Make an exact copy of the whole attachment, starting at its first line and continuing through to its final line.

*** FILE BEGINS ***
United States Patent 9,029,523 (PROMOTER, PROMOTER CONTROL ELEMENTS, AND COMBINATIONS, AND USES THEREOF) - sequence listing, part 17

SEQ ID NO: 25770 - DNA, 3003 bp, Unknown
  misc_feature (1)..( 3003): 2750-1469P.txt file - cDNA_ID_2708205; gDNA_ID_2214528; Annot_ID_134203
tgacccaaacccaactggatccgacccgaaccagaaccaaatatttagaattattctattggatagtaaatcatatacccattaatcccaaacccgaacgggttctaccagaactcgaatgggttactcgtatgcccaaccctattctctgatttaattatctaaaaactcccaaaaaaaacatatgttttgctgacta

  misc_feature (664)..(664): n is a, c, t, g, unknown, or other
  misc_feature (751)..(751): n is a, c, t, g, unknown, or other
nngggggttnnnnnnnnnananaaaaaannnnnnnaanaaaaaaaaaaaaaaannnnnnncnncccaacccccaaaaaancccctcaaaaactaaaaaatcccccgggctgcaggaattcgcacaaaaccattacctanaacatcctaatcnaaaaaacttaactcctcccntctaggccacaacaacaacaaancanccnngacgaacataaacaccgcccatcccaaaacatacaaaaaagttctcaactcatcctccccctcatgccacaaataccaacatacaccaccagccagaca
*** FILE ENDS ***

United States Patent 9,029,523 (PROMOTER, PROMOTER CONTROL ELEMENTS, AND COMBINATIONS, AND USES THEREOF) - sequence listing, part 17

SEQ ID NO: 25770 - DNA, 3003 bp, Unknown
  misc_feature (1)..( 3003): 2750-1469P.txt file - cDNA_ID_2708205; gDNA_ID_2214528; Annot_ID_134203
tgacccaaacccaactggatccgacccgaaccagaaccaaatatttagaattattctattggatagtaaatcatatacccattaatcccaaacccgaacgggttctaccagaactcgaatgggttactcgtatgcccaaccctattctctgatttaattatctaaaaactcccaaaaaaaacatatgttttgctgacta

  misc_feature (664)..(664): n is a, c, t, g, unknown, or other
  misc_feature (751)..(751): n is a, c, t, g, unknown, or other
nngggggttnnnnnnnnnananaaaaaannnnnnnaanaaaaaaaaaaaaaaannnnnnncnncccaacccccaaaaaancccctcaaaaactaaaaaatcccccgggctgcaggaattcgcacaaaaccattacctanaacatcctaatcnaaaaaacttaactcctcccntctaggccacaacaacaacaaancanccnngacgaacataaacaccgcccatcccaaaacatacaaaaaagttctcaactcatcctccccctcatgccacaaataccaacatacaccaccagccagaca